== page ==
To our friends, family, and community,
To say that it has been a difficult three weeks here in Minneapolis would be an understatement. We are saddened and angered by the murder of George Floyd in our city, as well as the countless other deaths of Black Americans around the country before and since then. We have spent the last four weeks listening to the Black leaders in our city and across the country, who have been fighting for racial justice and equity for decades. Our executive team and board members have individually been reflecting and acting in our communities as we all personally and collectively uphold that black lives matter at all times and in all places.
We are reflecting on what has happened and how we fit into the systems of racism that these current events put a spotlight on. We are a Minnesota-based company founded by white, college-educated professionals. Vetiera Fair Trade has always been deeply rooted in principles of environmental justice and community-led development in Haiti — a country created through the only successful colonial slave revolt in world history. We recognize that our own white privilege has afforded us educational, professional, economic, and social opportunities that are not always available to people of color and will never fully understand the experience of being Black in the United States or around the world.
At the heart of our mission, we are committed to eradicating poverty and malnutrition in rural Haiti by empowering farmers through sustainable agriculture. We have always strived for equity and justice in our work, but there is so much more work to do. The foundation of our work in Haiti is a commitment to ending environmental racism; Haiti disproportionately suffers from climate change, deforestation, and soil erosion because of its legacy as a slave colony and historical resource exploitation by its colonizers.
In addition to our work in Haiti, we are reflecting on how our U.S.-based team operates and what more we can do to dismantle systemic racism in the Twin Cities, Minnesota, and the United States at large:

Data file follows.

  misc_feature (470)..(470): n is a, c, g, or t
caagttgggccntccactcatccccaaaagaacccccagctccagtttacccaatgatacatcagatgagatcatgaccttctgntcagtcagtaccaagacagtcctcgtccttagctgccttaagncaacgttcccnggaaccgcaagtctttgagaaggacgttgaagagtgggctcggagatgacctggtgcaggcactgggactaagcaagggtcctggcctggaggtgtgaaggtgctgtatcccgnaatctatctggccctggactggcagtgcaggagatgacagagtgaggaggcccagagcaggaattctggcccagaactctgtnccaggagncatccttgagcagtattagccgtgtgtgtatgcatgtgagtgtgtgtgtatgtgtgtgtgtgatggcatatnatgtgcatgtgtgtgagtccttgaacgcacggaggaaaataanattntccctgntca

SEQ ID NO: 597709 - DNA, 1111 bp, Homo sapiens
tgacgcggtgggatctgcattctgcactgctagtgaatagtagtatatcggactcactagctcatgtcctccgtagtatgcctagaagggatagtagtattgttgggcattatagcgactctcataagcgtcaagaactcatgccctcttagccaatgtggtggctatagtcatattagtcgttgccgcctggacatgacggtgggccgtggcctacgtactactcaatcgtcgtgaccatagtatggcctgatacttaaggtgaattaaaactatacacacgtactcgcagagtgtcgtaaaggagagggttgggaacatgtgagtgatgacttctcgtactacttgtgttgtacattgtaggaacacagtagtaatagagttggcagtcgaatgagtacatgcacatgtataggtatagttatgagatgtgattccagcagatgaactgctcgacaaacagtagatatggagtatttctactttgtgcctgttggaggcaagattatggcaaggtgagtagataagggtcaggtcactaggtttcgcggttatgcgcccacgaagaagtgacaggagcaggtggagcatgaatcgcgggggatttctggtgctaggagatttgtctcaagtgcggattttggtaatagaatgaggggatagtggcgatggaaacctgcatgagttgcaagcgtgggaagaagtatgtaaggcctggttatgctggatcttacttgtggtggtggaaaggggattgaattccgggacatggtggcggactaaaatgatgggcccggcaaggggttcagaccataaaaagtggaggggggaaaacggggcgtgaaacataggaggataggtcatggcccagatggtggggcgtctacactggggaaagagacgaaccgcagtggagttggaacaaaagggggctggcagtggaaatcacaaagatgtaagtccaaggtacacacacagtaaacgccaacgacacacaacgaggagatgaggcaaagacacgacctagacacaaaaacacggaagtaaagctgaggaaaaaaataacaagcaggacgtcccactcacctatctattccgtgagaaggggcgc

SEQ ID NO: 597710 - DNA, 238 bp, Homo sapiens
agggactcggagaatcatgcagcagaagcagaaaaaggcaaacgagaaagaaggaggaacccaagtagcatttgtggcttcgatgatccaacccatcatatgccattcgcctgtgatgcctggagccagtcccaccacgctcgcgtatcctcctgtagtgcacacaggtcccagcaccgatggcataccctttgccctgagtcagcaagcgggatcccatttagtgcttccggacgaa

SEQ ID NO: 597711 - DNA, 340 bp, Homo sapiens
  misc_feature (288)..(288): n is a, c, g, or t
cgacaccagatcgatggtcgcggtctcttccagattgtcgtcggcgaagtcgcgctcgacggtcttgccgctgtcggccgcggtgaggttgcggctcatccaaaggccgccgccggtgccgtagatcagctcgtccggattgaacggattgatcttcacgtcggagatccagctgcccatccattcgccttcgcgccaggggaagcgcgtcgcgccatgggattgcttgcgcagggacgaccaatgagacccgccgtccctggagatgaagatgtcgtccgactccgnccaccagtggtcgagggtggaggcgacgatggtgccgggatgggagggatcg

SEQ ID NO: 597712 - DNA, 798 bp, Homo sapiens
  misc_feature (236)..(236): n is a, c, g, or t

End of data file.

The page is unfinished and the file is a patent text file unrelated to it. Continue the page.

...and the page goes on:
1. We are re-dedicating ourselves to amplifying the voices of people of color in our work; our public-facing channels are valuable tools for educating ourselves, our followers, and our communities about important environmental, economic, and social issues. We promise to use our social media, website, speaking opportunities, and more to highlight African American, Haitian American, Haitian, Latinx, and Native entrepreneurs, scientists, doctors, and activists who have been doing this work far longer than we have.
2. We are going to be more intentional about educating ourselves about oppressive systems, diversity and inclusion, and environmental racism. By making books, documentaries, articles, podcasts, and training materials part of our meetings on a monthly basis, we hope to both make ourselves more ethical, anti-racist business leaders.
3. We are a company that buys raw materials from both our partner farmers in Haiti and other suppliers from around the world; we have always prioritized fair trade, ethical, and sustainable suppliers in our work. To continue holding ourselves to these high standards, we are going to revisit our supplier standards to ensure they best represent our mission and support diverse small businesses.
4. We are committed to diversifying our board as we grow. As we expand as a company, we are growing our connections with Haitian and Haitian-American business professionals who we hope will join our board and advise us to become more effective in our work. As a small organization, made up of unpaid executives and board members, we recognize that this will take time and effort to implement — which makes it all the more important to dedicate ourselves to this goal.
Through these actions — and more to follow — we promise to do better. Recent events have shown that even the most well-meaning individuals and organizations need to do more to combat systemic racism in the United States. We humbly invite you to join us in this lifelong journey to make our city, our state, our country, and our world more just and equitable for Black communities; please reach out to us at any time with questions, feedback, and ideas about how to achieve this together.
Jesse Abelson, Dalton Schutte, Leeore Levinstein, Elizabeth Alonzi, Becca Desens, Brie LaPlante